Gottfried Helnwein looks more like a rock star than an internationally acclaimed artist. Dressed all in black, with a bandanna around his head and dark glasses hiding his eyes, he resembles, in a superficial way, Bono. Like Bono, he is concerned about the most troubling issues of our times: violence, inhumanity and oppression.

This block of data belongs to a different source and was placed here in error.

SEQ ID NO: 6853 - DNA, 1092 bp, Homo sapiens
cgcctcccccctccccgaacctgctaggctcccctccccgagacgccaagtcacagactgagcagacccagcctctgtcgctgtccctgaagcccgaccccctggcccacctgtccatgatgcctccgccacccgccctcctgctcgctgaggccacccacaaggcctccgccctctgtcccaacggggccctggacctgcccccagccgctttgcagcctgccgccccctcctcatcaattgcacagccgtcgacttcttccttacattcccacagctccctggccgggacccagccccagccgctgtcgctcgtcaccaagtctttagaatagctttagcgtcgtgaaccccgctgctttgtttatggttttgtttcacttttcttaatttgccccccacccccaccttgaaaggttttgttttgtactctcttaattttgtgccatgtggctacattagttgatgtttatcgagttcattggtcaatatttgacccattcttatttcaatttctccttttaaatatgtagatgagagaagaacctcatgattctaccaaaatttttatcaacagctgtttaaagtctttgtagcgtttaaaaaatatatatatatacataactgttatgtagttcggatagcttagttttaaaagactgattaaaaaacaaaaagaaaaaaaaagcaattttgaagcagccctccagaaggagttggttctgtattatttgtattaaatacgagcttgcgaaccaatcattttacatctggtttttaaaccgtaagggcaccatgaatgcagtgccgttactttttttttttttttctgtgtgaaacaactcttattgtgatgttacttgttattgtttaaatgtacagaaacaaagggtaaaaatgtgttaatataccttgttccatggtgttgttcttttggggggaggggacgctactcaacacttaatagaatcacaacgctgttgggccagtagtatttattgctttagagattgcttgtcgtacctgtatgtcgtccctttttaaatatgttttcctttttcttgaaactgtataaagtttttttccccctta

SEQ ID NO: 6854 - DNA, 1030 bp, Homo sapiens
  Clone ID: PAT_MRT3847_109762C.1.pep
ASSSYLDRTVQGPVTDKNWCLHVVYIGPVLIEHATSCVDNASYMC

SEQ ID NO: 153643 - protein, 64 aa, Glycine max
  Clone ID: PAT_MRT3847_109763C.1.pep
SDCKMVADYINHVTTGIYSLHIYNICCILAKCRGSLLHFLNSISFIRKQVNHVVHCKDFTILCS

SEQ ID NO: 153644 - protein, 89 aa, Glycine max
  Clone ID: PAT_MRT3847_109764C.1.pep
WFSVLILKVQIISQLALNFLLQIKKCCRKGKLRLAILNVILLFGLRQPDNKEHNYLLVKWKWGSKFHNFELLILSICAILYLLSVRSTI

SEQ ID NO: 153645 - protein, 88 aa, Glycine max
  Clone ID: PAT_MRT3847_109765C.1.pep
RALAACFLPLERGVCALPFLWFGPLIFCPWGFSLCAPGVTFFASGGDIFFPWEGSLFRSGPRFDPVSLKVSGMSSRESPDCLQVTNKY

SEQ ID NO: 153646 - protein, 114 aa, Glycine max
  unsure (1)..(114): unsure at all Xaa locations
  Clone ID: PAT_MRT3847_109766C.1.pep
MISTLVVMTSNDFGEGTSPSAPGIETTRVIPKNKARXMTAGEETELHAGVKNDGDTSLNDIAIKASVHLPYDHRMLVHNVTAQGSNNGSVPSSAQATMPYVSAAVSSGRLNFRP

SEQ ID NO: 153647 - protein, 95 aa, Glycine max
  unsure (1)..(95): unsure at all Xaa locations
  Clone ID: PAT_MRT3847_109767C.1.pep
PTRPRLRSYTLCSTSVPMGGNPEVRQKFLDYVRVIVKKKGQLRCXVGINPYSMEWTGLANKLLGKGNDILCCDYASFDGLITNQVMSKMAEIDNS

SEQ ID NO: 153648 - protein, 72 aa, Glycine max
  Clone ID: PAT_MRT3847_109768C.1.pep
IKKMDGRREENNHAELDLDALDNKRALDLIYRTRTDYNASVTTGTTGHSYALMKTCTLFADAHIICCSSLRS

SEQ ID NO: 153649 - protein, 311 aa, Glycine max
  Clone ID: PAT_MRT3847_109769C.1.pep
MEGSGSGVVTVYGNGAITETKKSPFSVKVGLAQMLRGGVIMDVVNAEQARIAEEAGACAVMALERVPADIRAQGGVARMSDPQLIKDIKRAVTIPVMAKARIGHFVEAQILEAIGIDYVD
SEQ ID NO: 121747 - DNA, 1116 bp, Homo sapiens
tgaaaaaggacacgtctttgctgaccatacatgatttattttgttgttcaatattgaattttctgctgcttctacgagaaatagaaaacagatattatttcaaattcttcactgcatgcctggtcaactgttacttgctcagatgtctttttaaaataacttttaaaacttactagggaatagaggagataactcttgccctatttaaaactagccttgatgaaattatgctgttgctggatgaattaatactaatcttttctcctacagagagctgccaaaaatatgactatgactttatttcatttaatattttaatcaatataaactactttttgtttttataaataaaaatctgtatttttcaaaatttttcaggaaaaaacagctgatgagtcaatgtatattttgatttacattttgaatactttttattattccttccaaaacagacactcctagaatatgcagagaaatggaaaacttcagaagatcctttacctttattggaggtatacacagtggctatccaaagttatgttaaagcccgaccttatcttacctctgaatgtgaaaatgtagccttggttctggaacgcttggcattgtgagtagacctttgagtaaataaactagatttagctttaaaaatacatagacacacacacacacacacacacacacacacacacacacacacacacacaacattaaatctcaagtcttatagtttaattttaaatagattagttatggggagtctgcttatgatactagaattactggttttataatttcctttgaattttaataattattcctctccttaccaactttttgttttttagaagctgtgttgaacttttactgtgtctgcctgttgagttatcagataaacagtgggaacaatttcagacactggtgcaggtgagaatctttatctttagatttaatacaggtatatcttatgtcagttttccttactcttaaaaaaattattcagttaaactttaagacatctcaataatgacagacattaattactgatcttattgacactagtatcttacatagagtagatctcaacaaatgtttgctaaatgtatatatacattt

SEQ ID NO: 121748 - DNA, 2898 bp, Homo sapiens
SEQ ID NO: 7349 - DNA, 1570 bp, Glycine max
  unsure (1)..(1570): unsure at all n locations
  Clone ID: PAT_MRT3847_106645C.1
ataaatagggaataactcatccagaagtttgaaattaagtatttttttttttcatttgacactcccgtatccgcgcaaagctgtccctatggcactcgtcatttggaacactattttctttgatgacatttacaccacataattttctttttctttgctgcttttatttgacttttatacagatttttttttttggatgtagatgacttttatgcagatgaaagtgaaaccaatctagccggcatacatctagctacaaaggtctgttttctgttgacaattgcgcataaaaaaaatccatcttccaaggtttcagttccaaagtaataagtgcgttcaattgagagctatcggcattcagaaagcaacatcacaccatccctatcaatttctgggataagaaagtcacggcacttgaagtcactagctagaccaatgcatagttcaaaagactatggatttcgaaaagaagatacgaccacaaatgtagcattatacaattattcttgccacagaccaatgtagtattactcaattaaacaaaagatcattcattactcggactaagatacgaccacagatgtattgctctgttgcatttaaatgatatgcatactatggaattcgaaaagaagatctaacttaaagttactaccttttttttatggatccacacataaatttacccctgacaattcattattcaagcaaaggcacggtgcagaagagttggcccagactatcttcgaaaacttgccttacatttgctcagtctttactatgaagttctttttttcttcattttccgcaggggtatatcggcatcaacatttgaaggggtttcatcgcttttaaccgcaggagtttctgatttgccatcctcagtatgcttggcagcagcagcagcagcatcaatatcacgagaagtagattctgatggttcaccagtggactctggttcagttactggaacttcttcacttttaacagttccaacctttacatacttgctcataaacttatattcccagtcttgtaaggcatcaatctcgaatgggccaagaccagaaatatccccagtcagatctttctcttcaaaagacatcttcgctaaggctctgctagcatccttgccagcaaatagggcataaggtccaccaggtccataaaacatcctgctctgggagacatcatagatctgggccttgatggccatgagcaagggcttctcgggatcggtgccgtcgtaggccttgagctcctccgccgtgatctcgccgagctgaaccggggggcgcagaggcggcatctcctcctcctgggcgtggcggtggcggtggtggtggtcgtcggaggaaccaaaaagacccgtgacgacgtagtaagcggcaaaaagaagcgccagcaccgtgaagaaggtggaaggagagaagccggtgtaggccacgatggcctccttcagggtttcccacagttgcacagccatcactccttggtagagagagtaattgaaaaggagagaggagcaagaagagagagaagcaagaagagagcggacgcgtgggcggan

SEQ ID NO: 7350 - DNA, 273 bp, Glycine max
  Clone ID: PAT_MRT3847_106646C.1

There is a cinematic quality to all of Helnwein's works, which seem to be projected on a wide screen. These "stilled cinematic moments," as Crocker curator Diana Daniels calls them, are powerfully affecting. "He deals with difficult subjects in a way that isn't propagandistic," Daniels said. "It's an open-ended way of dealing with historic subjects that are in danger of slipping away from us." Many of the images are very disturbing, and the museum has issued a warning that some images may be challenging for sensitive or younger viewers. But the show is a powerful one, posing questions we all need to contemplate.